Serving in ministry can often take us in two directions: either you feel inadequate or you feel unstoppable. This is how it is for me, anyway. With a Master’s degree in Theology and an unquenchable thirst for knowledge, it can be really easy for me to feel like I can solve any problem or answer any question. And if I don’t know the answer, I know where to find it.
On the flip side, having only been in full-time ministry for a year and a half, it is also really easy for me to feel like I don’t know what I’m doing, and that all these people have put the care of the eternal destiny of their souls in the wrong person. I flip flop between pride and feelings of inadequacy almost daily. If you’re serving the Church in any capacity, my guess is that you can relate.
Feelings of pride and insufficiency seem to be polar opposites, but they both come from a lack of humility
Sometimes we fall into the trap of thinking that if we aren’t smart enough, holy enough, “relevant” enough, old enough, or young enough, we aren’t trying hard enough. That is a lie. It is so easy to compare ourselves to the people around us and think, “Well that person stayed 10 minutes longer in Adoration than I did, they must be so holy. Why can’t I be holy like that?” And on the flip side, “I had my prayer time for an hour and a half today, and I know my roommate skipped theirs. I’m so glad I love God like I do!” Though these thoughts of pride and insufficiency seem to be polar opposites, they come from the same source: a lack of humility.
St. Bernard of Clairvaux describes humility best when he says that humility is where we see ourselves as we truly are. And in seeing ourselves as we are, we submit totally to God. The spiritual life is not about what knowledge we have, or what our lives are like compared to others. It’s about surrender to God. Ministry is the same. Our whole lives are centered on God’s will for us, and He is moving in our lives whether we realize it or not.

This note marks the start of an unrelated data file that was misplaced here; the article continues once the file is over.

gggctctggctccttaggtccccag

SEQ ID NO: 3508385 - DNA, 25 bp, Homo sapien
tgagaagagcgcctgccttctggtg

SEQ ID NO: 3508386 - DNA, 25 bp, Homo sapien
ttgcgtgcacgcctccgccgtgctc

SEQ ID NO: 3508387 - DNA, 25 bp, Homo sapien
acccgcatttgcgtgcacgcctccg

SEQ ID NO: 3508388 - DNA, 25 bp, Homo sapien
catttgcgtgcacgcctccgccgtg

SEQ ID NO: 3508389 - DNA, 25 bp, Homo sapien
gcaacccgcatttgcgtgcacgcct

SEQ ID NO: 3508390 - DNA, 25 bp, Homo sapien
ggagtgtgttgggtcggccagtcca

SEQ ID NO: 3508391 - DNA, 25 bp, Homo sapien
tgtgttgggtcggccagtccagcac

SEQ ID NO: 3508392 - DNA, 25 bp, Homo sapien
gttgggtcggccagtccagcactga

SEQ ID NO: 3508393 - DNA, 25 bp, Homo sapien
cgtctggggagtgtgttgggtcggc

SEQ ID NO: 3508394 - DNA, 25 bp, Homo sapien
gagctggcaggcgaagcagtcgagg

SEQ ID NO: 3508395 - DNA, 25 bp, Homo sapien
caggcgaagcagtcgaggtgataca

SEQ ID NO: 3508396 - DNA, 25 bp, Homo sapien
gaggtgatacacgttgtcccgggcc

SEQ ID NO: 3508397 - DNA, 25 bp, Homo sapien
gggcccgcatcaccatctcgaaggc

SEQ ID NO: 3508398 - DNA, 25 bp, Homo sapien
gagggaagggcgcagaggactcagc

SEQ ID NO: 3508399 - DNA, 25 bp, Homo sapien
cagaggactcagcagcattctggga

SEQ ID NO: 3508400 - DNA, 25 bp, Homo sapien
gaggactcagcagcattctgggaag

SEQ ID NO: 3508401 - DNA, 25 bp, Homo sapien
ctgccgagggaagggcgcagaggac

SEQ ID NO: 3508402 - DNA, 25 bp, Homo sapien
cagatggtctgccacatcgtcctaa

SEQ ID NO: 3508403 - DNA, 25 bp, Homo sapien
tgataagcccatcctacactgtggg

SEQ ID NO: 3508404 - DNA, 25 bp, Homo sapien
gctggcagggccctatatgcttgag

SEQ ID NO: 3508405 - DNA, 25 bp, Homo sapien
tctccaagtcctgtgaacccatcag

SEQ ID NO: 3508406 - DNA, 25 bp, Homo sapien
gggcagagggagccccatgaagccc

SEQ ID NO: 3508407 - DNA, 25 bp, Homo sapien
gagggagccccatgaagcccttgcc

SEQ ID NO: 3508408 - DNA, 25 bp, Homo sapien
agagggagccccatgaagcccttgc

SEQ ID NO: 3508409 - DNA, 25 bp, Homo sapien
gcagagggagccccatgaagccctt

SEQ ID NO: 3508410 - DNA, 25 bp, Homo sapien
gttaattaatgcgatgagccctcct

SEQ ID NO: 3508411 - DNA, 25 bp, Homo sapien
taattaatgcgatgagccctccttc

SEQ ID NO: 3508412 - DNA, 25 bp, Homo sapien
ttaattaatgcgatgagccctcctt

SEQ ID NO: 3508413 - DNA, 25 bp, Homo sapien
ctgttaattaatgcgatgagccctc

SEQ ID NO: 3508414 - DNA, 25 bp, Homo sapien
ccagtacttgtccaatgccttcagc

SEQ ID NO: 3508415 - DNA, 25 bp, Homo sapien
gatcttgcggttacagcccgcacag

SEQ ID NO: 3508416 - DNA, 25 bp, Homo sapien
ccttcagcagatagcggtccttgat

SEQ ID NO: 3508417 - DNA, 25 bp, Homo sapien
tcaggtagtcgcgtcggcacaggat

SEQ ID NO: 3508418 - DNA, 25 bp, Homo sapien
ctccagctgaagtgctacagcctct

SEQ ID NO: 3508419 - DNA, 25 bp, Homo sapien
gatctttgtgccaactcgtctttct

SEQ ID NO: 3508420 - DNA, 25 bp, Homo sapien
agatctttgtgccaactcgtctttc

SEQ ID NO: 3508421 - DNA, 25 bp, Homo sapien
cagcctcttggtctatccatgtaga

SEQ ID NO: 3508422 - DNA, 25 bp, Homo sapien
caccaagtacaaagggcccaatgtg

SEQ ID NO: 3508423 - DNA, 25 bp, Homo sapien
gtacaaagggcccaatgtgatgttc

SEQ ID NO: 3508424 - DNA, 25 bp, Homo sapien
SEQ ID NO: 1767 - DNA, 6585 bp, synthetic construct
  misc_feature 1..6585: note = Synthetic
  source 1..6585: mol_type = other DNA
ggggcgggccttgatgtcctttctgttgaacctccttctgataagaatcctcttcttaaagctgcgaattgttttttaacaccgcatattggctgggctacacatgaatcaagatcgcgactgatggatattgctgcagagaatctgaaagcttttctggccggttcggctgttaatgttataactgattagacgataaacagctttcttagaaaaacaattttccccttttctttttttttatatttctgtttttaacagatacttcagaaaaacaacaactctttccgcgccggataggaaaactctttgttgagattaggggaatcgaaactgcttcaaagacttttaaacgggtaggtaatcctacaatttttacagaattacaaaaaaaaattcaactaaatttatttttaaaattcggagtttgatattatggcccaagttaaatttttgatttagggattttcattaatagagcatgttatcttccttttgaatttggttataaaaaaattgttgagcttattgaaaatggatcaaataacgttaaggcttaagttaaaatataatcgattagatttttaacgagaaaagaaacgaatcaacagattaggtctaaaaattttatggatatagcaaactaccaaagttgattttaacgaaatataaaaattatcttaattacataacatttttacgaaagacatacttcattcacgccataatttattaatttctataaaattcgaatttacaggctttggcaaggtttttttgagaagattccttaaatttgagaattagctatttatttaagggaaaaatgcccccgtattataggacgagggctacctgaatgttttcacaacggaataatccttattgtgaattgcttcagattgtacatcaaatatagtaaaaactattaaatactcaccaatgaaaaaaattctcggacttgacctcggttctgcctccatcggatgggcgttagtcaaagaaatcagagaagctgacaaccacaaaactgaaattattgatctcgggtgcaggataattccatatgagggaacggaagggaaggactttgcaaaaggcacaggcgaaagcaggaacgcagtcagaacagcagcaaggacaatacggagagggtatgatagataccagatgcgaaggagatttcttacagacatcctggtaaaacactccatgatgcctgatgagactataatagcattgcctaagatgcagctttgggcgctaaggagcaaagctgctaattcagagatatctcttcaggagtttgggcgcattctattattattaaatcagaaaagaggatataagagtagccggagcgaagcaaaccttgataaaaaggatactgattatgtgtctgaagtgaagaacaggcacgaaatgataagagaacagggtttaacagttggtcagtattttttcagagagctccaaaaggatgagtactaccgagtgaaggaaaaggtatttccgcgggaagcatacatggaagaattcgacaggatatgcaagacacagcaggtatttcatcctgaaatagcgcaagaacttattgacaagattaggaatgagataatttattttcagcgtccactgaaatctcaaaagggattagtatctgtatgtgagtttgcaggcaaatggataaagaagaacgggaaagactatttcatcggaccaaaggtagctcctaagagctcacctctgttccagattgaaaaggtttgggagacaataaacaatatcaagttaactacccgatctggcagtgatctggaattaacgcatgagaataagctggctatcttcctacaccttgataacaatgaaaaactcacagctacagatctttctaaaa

Realize that in every moment, God is present and working, even in the unnoticeable and insignificant things.
I found an excerpt from J.P de Caussade’s “Abandonment to Divine Providence” that I want to share. If you struggle with the will of God in your life, then this book is a must-read-immediately-no-I’m-serious. I encourage you to read it twice over:
Perfection does not consist in understanding God’s designs, but in submitting to them. God’s designs, God’s good pleasure, the will of God, the action of God, and his grace are all one in the same thing in this life. They are God working in the soul to make it like himself. Perfection is nothing else than the faithful cooperation of the soul with the work of God, and it begins, grows, and is consummated in our souls secretly and without our being aware of it.
Theology is full of ideas and expressions explaining the marvels of this ultimate state in each soul in accordance with its capacity. A man may know all the theory of it, may speak and write admirably on the subject, and instruct and direct souls, but if his knowledge remains merely theoretical, then compared with those who attain the goal of God’s design without knowing the theory of it in whole or in part, or without being able to discourse on it, he is like a sick doctor in comparison with simple people who are in perfect health.
If we wish to quench our thirst, we must lay aside books that explain thirst, and take a drink. By itself, curiosity for knowledge can only make one thirstier. Thus, when we thirst for holiness, curiosity for theoretical knowledge of it can only drive it further from us. We must put speculation on one side, and with simplicity drink everything that God’s designs present to us in actions and sufferings. What happens to us each moment by God’s design is for us the holiest, best, and most divine thing.
God’s will and plan for us is happening in each moment. Put aside the comparison, and realize that you are where God meant for you to be. Still wrestling with not being holy enough? Here’s the first thing you should do. Realize that in every moment, God is present and working, even in the unnoticeable and insignificant things. You are where you are, and where you are, God is moving.
Have you ever dealt with these feelings in ministry? What do you do to overcome, and how would you encourage others to press forward?
[tweetthis]Ministry is about surrender to God-not knowledge, popularity or anything else[/tweetthis]